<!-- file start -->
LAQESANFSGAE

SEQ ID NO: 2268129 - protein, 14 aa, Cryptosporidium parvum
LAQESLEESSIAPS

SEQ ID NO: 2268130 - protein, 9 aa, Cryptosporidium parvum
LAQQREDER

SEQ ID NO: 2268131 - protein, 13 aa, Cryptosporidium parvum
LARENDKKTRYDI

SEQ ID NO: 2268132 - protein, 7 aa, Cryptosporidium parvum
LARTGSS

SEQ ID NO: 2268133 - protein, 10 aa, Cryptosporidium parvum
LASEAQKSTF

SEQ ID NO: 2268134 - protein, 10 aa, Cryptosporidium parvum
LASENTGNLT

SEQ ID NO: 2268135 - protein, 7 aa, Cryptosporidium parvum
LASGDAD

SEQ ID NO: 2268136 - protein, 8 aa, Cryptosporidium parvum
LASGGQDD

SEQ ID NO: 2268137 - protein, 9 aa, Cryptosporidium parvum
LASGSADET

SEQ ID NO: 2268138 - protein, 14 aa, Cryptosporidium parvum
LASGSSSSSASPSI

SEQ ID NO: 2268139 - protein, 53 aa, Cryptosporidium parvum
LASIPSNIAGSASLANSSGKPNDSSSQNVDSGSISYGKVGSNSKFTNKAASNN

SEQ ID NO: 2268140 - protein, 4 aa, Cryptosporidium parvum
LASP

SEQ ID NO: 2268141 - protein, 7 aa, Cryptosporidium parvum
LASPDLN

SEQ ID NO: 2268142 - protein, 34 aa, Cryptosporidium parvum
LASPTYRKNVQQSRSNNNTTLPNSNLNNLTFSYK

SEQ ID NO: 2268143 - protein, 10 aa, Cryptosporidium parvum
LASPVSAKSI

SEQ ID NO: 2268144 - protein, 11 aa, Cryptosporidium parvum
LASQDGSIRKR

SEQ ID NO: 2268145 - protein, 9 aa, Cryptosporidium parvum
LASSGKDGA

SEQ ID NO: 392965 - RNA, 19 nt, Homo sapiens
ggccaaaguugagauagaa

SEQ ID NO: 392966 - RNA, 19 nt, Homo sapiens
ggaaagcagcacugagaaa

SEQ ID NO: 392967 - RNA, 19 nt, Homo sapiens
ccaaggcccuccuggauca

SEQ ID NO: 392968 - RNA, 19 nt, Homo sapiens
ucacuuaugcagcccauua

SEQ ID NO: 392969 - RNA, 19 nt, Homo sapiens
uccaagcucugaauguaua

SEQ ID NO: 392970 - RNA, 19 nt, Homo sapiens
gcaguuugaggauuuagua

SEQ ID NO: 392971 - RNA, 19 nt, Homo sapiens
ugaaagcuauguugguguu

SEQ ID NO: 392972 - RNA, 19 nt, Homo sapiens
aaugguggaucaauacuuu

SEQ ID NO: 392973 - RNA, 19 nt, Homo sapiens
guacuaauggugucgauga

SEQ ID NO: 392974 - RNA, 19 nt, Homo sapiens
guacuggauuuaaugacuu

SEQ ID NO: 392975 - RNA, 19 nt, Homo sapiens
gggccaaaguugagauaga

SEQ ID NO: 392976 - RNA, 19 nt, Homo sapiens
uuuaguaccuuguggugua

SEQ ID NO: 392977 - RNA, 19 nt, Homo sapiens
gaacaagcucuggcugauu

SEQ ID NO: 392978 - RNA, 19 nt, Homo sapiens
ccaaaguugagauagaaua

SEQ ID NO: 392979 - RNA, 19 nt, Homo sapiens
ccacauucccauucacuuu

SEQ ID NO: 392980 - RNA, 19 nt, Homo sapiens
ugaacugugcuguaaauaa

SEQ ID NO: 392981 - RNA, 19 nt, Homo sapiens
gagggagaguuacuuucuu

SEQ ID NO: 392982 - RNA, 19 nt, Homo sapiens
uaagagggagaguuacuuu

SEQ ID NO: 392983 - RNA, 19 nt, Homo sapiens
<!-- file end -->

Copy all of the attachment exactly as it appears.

LAQESANFSGAE

SEQ ID NO: 2268129 - protein, 14 aa, Cryptosporidium parvum
LAQESLEESSIAPS

SEQ ID NO: 2268130 - protein, 9 aa, Cryptosporidium parvum
LAQQREDER

SEQ ID NO: 2268131 - protein, 13 aa, Cryptosporidium parvum
LARENDKKTRYDI

SEQ ID NO: 2268132 - protein, 7 aa, Cryptosporidium parvum
LARTGSS

SEQ ID NO: 2268133 - protein, 10 aa, Cryptosporidium parvum
LASEAQKSTF

SEQ ID NO: 2268134 - protein, 10 aa, Cryptosporidium parvum
LASENTGNLT

SEQ ID NO: 2268135 - protein, 7 aa, Cryptosporidium parvum
LASGDAD

SEQ ID NO: 2268136 - protein, 8 aa, Cryptosporidium parvum
LASGGQDD

SEQ ID NO: 2268137 - protein, 9 aa, Cryptosporidium parvum
LASGSADET

SEQ ID NO: 2268138 - protein, 14 aa, Cryptosporidium parvum
LASGSSSSSASPSI

SEQ ID NO: 2268139 - protein, 53 aa, Cryptosporidium parvum
LASIPSNIAGSASLANSSGKPNDSSSQNVDSGSISYGKVGSNSKFTNKAASNN

SEQ ID NO: 2268140 - protein, 4 aa, Cryptosporidium parvum
LASP

SEQ ID NO: 2268141 - protein, 7 aa, Cryptosporidium parvum
LASPDLN

SEQ ID NO: 2268142 - protein, 34 aa, Cryptosporidium parvum
LASPTYRKNVQQSRSNNNTTLPNSNLNNLTFSYK

SEQ ID NO: 2268143 - protein, 10 aa, Cryptosporidium parvum
LASPVSAKSI

SEQ ID NO: 2268144 - protein, 11 aa, Cryptosporidium parvum
LASQDGSIRKR

SEQ ID NO: 2268145 - protein, 9 aa, Cryptosporidium parvum
LASSGKDGA

SEQ ID NO: 392965 - RNA, 19 nt, Homo sapiens
ggccaaaguugagauagaa

SEQ ID NO: 392966 - RNA, 19 nt, Homo sapiens
ggaaagcagcacugagaaa

SEQ ID NO: 392967 - RNA, 19 nt, Homo sapiens
ccaaggcccuccuggauca

SEQ ID NO: 392968 - RNA, 19 nt, Homo sapiens
ucacuuaugcagcccauua

SEQ ID NO: 392969 - RNA, 19 nt, Homo sapiens
uccaagcucugaauguaua

SEQ ID NO: 392970 - RNA, 19 nt, Homo sapiens
gcaguuugaggauuuagua

SEQ ID NO: 392971 - RNA, 19 nt, Homo sapiens
ugaaagcuauguugguguu

SEQ ID NO: 392972 - RNA, 19 nt, Homo sapiens
aaugguggaucaauacuuu

SEQ ID NO: 392973 - RNA, 19 nt, Homo sapiens
guacuaauggugucgauga

SEQ ID NO: 392974 - RNA, 19 nt, Homo sapiens
guacuggauuuaaugacuu

SEQ ID NO: 392975 - RNA, 19 nt, Homo sapiens
gggccaaaguugagauaga

SEQ ID NO: 392976 - RNA, 19 nt, Homo sapiens
uuuaguaccuuguggugua

SEQ ID NO: 392977 - RNA, 19 nt, Homo sapiens
gaacaagcucuggcugauu

SEQ ID NO: 392978 - RNA, 19 nt, Homo sapiens
ccaaaguugagauagaaua

SEQ ID NO: 392979 - RNA, 19 nt, Homo sapiens
ccacauucccauucacuuu

SEQ ID NO: 392980 - RNA, 19 nt, Homo sapiens
ugaacugugcuguaaauaa

SEQ ID NO: 392981 - RNA, 19 nt, Homo sapiens
gagggagaguuacuuucuu

SEQ ID NO: 392982 - RNA, 19 nt, Homo sapiens
uaagagggagaguuacuuu

SEQ ID NO: 392983 - RNA, 19 nt, Homo sapiens